Cataract surgery

Your health expert: Professor Simon Taylor, Consultant Ophthalmic Surgeon
Content editor review by Pippa Coulter, Freelance Health Editor, March 2022
Next review due March 2025

Cataract surgery is an operation to remove a cloudy lens (cataract) in your eye and replace it with an artificial one. This will help you to see more clearly. For most people, it’s a very successful procedure that can significantly improve your quality of life.

If you'd like to listen to an audio recording of the information on this page, please click on the link below.

About cataract surgery

If you have a cataract, the lens inside your eye becomes cloudy. This can start to affect your vision and interfere with activities such as reading, watching television and driving. Most people eventually need surgery for cataracts. It’s the only way to restore your vision if you have cataracts.

When to have cataract surgery

You can have your cataracts removed at any stage – you don’t necessarily need to wait until your eyesight is bad. If you drive, for example, you may wish to have surgery sooner than someone who doesn’t drive. If you have cataracts that are starting to affect your vision, your optometrist may suggest surgery. They’ll talk to you about what’s involved, and the risks and benefits of surgery. If you decide you’d like to go ahead, they can refer you to an ophthalmologist. An ophthalmologist is a doctor who specialises in eye health, including eye surgery.

If you have cataracts in both eyes, it’s usually best to remove them one at a time, starting with the eye that’s worse. You can have the second operation once you’ve recovered.

Preparing for cataract surgery

You’ll need to go for a pre-operative assessment at an eye clinic before you have cataract surgery. Your healthcare team at the clinic will carry out some tests to examine and measure your eye and check your vision. They’ll use this information to plan which type of artificial lens will be best for you. They’ll also ask about your general health and if you have any other problems with your eyes or vision. This will help to assess your risk of complications after surgery.

Your healthcare team will discuss with you exactly what to expect before, during and after surgery. This will include the potential risks and benefits involved. If you’re unsure about anything, don’t be afraid to ask. If you go ahead with the operation, you’ll need to sign a consent form, so it’s important to make sure you feel fully informed.

Types of lens

Cataract surgery involves replacing the lens in your eye with an artificial one. There are different types of artificial lens you may have. They come in different strengths, just like the lenses in glasses. They also vary in how well they focus on objects at different distances. The main types of lens include the following.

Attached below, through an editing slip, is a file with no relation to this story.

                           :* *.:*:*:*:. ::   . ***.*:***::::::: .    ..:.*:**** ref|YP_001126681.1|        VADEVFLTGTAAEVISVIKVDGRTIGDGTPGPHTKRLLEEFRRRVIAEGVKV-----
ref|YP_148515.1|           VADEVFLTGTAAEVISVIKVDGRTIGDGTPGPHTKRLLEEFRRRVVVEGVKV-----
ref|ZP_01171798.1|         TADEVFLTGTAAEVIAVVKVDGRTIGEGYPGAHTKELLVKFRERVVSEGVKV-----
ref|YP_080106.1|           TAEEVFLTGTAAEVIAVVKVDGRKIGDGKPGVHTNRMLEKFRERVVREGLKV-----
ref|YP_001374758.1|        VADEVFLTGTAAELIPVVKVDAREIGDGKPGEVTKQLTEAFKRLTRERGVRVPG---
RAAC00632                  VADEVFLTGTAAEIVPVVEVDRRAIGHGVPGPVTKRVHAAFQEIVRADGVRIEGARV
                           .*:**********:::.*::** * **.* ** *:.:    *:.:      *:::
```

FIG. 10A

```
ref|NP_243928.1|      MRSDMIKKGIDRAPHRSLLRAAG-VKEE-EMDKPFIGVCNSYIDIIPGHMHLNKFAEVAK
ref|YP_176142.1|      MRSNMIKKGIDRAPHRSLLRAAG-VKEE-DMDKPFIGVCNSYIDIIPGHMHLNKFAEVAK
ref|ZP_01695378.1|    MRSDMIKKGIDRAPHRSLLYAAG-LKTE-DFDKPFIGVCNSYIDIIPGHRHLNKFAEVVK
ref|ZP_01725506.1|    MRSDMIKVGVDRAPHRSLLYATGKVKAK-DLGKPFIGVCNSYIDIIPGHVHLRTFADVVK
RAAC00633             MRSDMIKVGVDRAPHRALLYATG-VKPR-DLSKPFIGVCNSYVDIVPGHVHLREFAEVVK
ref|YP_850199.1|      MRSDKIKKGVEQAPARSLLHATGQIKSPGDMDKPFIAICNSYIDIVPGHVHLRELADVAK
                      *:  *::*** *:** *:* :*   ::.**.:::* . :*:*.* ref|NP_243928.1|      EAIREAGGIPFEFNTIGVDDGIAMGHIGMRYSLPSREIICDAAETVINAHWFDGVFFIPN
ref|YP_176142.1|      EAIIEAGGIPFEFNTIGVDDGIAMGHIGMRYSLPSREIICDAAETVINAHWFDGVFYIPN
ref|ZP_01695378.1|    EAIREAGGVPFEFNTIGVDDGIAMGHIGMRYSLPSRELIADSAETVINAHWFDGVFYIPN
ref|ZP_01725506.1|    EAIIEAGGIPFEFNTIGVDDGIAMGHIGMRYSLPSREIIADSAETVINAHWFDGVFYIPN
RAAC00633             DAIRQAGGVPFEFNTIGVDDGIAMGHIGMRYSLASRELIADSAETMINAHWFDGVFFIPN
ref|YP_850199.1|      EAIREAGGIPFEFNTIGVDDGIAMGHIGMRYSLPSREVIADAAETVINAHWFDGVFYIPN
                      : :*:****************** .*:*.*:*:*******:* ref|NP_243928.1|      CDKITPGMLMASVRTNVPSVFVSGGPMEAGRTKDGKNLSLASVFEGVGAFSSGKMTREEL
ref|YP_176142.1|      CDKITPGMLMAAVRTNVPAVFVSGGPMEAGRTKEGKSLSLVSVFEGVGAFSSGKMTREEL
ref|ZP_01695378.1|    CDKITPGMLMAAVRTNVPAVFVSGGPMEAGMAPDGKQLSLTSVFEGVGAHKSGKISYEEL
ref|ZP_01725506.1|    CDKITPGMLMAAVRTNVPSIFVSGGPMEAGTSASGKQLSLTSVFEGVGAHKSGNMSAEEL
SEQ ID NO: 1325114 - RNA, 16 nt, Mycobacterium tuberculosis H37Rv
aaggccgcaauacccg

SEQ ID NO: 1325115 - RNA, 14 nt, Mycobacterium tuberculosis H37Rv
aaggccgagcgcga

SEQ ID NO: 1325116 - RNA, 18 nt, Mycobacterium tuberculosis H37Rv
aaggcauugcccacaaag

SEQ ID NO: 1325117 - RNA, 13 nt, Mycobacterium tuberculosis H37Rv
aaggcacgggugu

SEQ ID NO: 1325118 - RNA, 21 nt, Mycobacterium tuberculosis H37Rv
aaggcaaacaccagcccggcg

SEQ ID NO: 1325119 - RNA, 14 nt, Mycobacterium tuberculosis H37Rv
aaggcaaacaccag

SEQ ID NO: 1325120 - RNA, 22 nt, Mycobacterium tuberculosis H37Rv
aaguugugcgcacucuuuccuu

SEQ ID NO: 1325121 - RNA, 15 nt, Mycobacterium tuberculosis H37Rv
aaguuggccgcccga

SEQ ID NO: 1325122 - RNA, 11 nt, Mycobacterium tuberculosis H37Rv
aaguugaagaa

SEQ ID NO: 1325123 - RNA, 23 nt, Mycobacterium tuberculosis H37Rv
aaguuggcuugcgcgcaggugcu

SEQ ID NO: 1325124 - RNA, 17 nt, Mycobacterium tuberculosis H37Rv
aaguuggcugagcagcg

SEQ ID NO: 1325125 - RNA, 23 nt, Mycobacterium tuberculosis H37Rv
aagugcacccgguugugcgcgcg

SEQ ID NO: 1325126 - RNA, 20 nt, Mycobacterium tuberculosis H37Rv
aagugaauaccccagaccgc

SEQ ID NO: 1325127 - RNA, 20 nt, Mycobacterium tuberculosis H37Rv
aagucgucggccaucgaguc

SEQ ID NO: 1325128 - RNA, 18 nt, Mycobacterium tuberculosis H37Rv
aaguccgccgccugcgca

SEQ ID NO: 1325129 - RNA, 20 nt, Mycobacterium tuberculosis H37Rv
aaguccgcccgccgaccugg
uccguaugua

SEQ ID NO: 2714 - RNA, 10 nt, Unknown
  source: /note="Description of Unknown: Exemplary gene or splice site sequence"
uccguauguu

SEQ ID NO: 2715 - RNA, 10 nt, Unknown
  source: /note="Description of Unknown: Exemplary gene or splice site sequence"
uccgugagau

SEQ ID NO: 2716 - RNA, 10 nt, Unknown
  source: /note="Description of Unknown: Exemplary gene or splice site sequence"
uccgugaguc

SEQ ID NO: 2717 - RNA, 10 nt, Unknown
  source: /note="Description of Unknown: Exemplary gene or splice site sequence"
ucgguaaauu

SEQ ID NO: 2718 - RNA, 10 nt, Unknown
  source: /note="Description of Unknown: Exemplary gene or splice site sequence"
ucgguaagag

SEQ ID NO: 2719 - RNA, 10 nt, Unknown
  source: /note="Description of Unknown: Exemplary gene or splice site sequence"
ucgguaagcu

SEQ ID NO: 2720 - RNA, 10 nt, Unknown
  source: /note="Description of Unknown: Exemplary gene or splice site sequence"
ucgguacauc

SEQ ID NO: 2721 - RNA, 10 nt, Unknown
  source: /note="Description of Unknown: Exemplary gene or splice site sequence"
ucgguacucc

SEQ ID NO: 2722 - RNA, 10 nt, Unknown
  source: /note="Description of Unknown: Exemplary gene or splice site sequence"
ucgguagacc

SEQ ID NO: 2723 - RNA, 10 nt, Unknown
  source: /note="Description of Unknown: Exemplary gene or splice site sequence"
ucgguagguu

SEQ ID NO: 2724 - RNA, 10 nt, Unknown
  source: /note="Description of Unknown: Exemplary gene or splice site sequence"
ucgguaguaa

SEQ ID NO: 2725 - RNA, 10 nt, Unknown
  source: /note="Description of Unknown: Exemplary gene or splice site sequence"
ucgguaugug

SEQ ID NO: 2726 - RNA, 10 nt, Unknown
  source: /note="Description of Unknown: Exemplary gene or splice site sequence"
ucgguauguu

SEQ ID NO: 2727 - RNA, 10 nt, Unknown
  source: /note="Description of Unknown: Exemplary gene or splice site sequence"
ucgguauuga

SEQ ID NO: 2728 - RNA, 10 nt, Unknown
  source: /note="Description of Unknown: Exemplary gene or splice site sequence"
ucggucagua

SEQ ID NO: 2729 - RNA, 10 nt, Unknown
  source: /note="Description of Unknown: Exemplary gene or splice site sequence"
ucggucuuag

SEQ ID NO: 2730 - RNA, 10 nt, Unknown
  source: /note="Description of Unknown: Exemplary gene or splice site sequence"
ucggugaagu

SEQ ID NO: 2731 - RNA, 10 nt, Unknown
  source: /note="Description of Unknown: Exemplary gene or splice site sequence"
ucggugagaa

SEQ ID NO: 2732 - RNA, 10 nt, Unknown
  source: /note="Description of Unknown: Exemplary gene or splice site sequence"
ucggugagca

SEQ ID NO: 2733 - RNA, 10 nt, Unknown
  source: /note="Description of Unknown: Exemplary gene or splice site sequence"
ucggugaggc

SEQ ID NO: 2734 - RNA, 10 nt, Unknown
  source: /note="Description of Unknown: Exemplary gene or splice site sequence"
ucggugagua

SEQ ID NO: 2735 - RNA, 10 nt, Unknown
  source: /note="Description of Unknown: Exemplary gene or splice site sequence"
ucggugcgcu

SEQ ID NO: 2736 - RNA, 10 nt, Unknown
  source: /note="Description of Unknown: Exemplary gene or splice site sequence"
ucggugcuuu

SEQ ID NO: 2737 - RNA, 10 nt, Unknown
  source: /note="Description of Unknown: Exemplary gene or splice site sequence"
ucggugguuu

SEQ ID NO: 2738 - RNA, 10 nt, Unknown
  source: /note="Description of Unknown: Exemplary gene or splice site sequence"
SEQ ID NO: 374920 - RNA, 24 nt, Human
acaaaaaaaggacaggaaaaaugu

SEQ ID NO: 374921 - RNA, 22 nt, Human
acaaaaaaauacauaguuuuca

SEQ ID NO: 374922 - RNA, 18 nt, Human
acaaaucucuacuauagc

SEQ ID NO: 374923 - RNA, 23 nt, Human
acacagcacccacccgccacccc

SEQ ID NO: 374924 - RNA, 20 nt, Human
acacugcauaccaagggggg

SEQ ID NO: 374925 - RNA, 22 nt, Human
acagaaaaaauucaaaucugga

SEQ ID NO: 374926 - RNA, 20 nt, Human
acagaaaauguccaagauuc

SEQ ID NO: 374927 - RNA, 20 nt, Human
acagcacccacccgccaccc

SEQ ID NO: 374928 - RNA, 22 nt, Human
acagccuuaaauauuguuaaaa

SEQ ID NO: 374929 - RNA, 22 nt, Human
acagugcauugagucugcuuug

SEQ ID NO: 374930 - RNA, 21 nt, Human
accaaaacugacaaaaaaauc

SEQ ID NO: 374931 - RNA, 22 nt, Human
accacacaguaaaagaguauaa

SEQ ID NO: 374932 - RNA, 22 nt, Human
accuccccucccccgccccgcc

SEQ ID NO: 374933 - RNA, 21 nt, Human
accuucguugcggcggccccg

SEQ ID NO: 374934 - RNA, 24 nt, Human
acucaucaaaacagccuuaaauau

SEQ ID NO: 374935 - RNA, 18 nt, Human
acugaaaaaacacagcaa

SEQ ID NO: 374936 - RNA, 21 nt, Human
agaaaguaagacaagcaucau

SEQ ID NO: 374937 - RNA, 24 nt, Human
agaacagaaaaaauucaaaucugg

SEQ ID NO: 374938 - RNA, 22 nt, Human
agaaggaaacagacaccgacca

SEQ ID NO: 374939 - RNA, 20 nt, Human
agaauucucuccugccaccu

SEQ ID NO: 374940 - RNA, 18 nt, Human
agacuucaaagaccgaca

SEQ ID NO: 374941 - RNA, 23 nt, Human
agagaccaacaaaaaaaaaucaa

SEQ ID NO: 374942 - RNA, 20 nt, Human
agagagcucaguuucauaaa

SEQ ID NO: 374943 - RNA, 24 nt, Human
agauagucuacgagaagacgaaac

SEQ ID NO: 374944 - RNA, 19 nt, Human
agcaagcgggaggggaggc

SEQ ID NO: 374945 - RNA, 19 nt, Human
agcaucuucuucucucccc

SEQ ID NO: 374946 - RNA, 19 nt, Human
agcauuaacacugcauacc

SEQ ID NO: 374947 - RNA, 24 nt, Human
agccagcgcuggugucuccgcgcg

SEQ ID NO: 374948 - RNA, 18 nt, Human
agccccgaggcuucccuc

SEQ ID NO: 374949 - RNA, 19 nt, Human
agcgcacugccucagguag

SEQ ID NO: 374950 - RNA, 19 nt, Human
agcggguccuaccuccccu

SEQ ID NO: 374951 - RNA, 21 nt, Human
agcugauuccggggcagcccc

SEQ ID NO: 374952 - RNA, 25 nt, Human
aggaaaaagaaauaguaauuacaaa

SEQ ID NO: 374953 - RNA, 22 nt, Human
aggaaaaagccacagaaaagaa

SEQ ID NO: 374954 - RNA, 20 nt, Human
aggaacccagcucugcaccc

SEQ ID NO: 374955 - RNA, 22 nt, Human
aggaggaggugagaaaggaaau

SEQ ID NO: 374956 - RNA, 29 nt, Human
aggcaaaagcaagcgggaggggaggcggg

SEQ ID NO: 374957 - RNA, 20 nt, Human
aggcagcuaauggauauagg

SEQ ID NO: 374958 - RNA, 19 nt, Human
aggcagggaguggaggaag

• Monofocal lenses. Most people have these. They’re set at one level of vision – usually on things that are further away. This means you’ll probably need to wear reading glasses to focus on things that are closer up.
  • Multifocal lenses. These allow you to see things that are both near and far away without glasses. You can normally only get multifocal lenses through private treatment.


Cataract surgery is usually done as a day-case procedure, which means you’ll have the operation and go home on the same day. You won’t be able to drive straight after surgery though, so you’ll need to arrange for someone to take you home.

You’ll usually have cataract surgery using local anaesthetic eye drops. Sometimes, you may have a small injection of local anaesthetic into your eye too. The anaesthetic numbs your eye so you won’t feel any pain, and means you’ll be awake during the procedure. Sometimes, you may be offered a sedative. This will make you drowsy and relaxed during the operation, so you’re not fully aware of what’s happening. Under certain circumstances, you may have a general anaesthetic, which means you’ll be asleep during the operation. But this is less common.

What happens during cataract surgery

Almost all cataract surgery in the UK is done using a technique called phacoemulsification (pronounced fa-co-emul-se-fa-cation). This involves using ultrasound (sound waves) to gently break down the cloudy lens and replacing it with a new, artificial one. This procedure usually takes about 20 to 45 minutes.

You’ll need to lie down and stay as still as possible during your surgery. Your surgeon will put some drops in your eye to widen your pupil and relax your eye muscles. They’ll also put local anaesthetic eye drops into your eye to numb it. Your eye may sting for a few seconds after the anaesthetic.

Your surgeon will place a clean sheet over your face, just leaving it open at the eye you’re having treatment on. They may put a tube under the sheet to blow fresh air around your mouth and nose to make you feel more comfortable. They’ll use a small clip to hold your eyelid open so you don't need to worry about blinking.

Your surgeon will make a tiny cut on the surface of your eye, and a small hole in the part of your eye that holds the lens. They’ll then insert the ultrasound probe and use it to gently break down your lens. Your surgeon will remove the broken lens from your eye and insert your new artificial lens. You’ll be awake and may see some movement and lights during the procedure, but you won’t be able to see anything in detail. You won’t feel any pain but you may feel some touch and pressure.